“Leaders who think strategically and execute passionately have the ultimate competitive advantage—the power to spark their own success, illuminate the future, and ignite the energy of all their stakeholders” (p. 4) is the argument of the authors of this book. Their thesis is that successful businesses must “decide what they want their tomorrow to be and then make it happen faster than the rate of change in their competitive environment.” (p. 8)

They call their framework for designing and achieving such a future “The Prometheus Process.” This process is derived from the Greek mythological character Prometheus, who gave man the power to create the future through forethought and fire (passion). (p. 4) It consists of four imperatives:

  • Develop the future: Understand the forces driving the direction of change, develop a picture of where the organization wants to be in that future, establish acceptable standards of behaviors and boundaries for operating within that environment, and create a system for measuring success.
  • Target for success: Map the system to identify critical targets for achieving the desired effects.
  • Campaign to win: Apply organizational resources effectively and create organizational structures that “support, rather than hinder, success.” (p. 153)
  • Finish with finesse: Identify the right time to exit the strategy.

Are these suggestions radically different from those fostered by others in the quality planning and management literature? Not really. The Prometheus Process encompasses many aspects used before, such as environmental scanning, vision statements, setting standards, identifying goals and objectives, teamwork, and measuring for success.

The value of this book, however, lies in the strategic techniques and tools suggested by the authors for achieving these ends. The notion of a large planning team working in the same room, obtaining information in real time, sharing information across boundaries, and the use of a “campaign orchestrator” definitely has merit. To those who have worked in stovepipe planning cells encumbered by bureaucracy, lack of resources, and seeking step-by step concurrence, Prometheus would have been a dream come true. Other noteworthy tools include a five-rings model for identifying critical targets, the application of parallel planning principles for achieving rapid and deep changes within a system, and implementation of the three-echelon rule for ensuring effective communications. Probably most useful is the concept of endgame planning, since this is an area that tends to get overlooked. The authors do an excellent job of leading readers through the typical product life cycles and how to consider the appropriate end.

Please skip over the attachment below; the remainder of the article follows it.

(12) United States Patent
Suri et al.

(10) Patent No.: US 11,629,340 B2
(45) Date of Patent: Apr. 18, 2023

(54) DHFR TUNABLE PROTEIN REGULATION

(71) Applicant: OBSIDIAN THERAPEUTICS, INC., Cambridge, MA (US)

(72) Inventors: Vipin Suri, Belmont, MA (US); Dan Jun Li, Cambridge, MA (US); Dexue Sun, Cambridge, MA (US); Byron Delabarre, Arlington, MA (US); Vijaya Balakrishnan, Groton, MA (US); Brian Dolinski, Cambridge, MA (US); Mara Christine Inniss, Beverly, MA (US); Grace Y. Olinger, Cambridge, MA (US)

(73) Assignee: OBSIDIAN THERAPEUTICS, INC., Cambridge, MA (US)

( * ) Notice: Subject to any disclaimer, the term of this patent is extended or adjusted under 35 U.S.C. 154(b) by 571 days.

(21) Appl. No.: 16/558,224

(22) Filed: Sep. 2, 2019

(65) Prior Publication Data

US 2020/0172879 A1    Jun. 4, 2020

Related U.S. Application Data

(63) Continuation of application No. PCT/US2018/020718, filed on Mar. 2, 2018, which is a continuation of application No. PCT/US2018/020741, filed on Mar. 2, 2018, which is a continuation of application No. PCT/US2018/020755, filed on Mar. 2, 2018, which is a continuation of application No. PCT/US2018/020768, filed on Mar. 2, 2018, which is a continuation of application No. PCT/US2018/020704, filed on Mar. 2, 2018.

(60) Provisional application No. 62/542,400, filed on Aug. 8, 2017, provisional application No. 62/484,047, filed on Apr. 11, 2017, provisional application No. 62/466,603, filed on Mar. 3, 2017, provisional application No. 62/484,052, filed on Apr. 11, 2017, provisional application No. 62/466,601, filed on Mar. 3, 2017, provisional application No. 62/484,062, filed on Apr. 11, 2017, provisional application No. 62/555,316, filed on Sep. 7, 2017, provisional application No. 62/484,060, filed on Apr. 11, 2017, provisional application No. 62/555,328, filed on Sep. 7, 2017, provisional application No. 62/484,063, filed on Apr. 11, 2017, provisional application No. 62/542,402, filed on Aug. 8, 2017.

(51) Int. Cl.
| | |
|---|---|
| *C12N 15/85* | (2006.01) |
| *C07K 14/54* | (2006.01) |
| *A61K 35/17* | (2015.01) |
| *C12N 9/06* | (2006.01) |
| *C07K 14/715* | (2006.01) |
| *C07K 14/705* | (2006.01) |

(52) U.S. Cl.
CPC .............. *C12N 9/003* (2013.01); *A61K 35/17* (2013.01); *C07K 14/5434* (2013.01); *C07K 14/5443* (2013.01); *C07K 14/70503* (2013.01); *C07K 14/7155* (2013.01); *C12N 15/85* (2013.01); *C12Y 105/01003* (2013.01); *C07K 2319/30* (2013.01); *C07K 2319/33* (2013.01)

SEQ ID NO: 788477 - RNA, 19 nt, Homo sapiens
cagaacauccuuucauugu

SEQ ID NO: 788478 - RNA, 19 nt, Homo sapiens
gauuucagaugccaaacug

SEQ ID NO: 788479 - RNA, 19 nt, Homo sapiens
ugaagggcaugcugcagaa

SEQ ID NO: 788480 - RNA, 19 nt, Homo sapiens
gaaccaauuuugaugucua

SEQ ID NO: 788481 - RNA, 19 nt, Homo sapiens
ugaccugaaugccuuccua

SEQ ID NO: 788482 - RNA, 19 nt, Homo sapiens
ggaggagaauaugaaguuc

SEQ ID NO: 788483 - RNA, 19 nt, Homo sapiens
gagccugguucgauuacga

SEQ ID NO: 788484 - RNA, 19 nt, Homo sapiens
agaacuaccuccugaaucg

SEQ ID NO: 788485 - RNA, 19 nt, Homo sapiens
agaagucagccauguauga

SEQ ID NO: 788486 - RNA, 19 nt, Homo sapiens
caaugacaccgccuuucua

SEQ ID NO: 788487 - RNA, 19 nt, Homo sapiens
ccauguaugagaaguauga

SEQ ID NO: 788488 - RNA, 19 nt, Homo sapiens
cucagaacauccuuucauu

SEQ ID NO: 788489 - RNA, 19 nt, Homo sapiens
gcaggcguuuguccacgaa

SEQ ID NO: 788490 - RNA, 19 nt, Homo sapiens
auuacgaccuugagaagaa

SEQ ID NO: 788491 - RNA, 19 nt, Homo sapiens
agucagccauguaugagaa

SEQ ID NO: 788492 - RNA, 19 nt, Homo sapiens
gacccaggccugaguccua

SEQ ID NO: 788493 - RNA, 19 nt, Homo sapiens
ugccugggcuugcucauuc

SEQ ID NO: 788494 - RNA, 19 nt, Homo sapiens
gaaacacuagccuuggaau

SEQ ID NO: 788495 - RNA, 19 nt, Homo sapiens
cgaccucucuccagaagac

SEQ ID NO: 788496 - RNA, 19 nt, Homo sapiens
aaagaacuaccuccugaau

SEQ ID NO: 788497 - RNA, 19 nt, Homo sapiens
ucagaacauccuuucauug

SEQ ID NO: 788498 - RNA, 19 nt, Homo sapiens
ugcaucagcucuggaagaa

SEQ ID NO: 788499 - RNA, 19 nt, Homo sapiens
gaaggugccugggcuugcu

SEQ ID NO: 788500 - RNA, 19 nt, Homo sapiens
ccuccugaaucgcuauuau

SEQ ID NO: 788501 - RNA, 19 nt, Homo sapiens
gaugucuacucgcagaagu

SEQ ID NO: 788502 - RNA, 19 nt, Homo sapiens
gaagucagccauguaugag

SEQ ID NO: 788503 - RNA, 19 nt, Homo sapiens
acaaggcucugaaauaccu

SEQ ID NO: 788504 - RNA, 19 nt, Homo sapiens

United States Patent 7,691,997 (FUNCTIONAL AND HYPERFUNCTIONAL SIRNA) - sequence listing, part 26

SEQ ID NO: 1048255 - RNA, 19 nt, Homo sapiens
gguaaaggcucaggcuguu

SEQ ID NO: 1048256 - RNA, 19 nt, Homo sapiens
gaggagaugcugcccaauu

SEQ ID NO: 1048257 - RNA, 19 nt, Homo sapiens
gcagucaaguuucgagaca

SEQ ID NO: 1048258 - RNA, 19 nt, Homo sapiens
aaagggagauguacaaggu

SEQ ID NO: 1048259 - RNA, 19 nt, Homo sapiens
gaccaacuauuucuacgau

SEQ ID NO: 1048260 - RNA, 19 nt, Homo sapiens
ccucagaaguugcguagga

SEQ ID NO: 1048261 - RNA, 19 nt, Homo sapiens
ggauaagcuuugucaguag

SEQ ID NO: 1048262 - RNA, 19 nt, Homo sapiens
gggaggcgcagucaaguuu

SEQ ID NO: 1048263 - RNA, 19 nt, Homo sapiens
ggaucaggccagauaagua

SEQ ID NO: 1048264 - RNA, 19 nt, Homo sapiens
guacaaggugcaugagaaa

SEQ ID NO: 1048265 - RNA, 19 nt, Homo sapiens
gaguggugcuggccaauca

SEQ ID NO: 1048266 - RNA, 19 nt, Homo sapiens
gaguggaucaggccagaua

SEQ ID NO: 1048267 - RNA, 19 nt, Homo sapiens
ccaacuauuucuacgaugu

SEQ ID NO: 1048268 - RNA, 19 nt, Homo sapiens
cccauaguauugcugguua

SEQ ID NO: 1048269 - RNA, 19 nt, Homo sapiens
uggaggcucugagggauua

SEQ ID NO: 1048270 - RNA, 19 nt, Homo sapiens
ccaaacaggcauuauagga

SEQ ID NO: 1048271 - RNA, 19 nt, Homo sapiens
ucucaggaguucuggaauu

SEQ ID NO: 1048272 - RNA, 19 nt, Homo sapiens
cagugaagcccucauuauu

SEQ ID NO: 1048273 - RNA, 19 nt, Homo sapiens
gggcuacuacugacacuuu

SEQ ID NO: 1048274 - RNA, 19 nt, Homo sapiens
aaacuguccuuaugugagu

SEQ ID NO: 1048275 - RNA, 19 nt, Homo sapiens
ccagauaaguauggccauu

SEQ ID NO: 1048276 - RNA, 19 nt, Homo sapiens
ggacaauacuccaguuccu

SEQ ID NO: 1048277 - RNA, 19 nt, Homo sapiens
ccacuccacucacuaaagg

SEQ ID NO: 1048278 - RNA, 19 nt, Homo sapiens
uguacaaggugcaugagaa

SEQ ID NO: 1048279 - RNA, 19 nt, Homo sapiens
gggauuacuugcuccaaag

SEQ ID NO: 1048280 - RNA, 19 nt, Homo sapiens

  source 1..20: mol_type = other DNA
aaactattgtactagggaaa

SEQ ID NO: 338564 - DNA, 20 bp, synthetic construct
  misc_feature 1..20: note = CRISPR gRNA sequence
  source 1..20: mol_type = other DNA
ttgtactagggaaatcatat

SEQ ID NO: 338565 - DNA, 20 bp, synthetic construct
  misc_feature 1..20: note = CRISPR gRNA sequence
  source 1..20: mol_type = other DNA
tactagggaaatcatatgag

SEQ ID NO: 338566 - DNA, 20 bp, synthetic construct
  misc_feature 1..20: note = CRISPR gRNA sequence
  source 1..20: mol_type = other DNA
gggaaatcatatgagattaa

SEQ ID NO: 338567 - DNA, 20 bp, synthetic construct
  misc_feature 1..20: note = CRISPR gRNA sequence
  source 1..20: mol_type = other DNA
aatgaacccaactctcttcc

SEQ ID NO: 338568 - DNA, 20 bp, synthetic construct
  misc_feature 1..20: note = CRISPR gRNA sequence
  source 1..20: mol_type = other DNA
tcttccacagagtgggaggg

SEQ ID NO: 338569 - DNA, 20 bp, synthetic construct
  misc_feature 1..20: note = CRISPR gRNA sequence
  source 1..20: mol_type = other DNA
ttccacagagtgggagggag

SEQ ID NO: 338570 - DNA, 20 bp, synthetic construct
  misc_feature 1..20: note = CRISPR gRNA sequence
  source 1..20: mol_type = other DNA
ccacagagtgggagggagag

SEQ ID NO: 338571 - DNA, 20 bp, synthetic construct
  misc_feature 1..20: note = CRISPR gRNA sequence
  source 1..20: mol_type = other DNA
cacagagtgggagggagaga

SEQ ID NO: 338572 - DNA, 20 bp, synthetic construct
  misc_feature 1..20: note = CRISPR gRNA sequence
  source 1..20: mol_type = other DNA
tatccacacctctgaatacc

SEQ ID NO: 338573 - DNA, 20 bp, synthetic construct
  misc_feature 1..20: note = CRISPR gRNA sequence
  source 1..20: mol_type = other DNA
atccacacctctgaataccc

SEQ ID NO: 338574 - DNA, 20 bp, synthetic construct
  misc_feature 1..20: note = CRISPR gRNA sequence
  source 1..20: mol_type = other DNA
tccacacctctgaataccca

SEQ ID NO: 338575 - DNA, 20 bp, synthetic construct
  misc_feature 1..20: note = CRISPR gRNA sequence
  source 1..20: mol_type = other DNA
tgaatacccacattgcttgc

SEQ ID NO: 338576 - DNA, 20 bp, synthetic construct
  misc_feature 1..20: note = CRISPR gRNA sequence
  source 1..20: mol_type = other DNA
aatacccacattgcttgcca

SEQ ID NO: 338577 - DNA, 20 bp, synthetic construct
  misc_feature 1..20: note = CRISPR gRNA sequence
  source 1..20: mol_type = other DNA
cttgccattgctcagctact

The book concludes with a discussion of “Cardinal Rule,” which could easily be translated into a checklist for use by anyone seeking to make a change from the status quo. An essential ingredient that makes the entire process work is empowerment, that unique ability to be decisive and unencumbered when making decisions.

When reading the preface and the comments of reviewers, one’s initial thoughts might be that this is another former military officer trying to repackage military jargon and lexicon for use in the modern-day business environment. The book uses military terms such as Instant Thunder, Desert Storm, centers of gravity, and rules of engagement, all of which are familiar to the modern-day military and make a parallel case for use by modern-day business leaders.

At times the authors’ overuse of high-energy terminology (seismic shifts, hyper-change, precision revolution, high-velocity environment, warp speed, and so on) can be distracting. In addition, readers may get weary of the old business examples (buggy whip makers and the automobile industry, the Japanese automakers and Detroit, Apple and IBM compatible PCs, and Kelleher and Southwest Airlines), which have been overused in the quality management and planning literature. A third weakness can be found in the book’s subtitle, which applies the Prometheus Process to “life,” which is arguably not covered in this book.

The Prometheus Process definitely has a place in today’s business environment. This book is an easy read for all professionals interested in leadership and strategic-thinking business colleges, and schools looking for supplemental reading or a textbook for upper-level courses definitely should consider it. The authors present a refreshing way of conducting strategic planning in this hyper-velocity information age. The bottom line: The Prometheus Process is a different way of thinking and looking outside the box.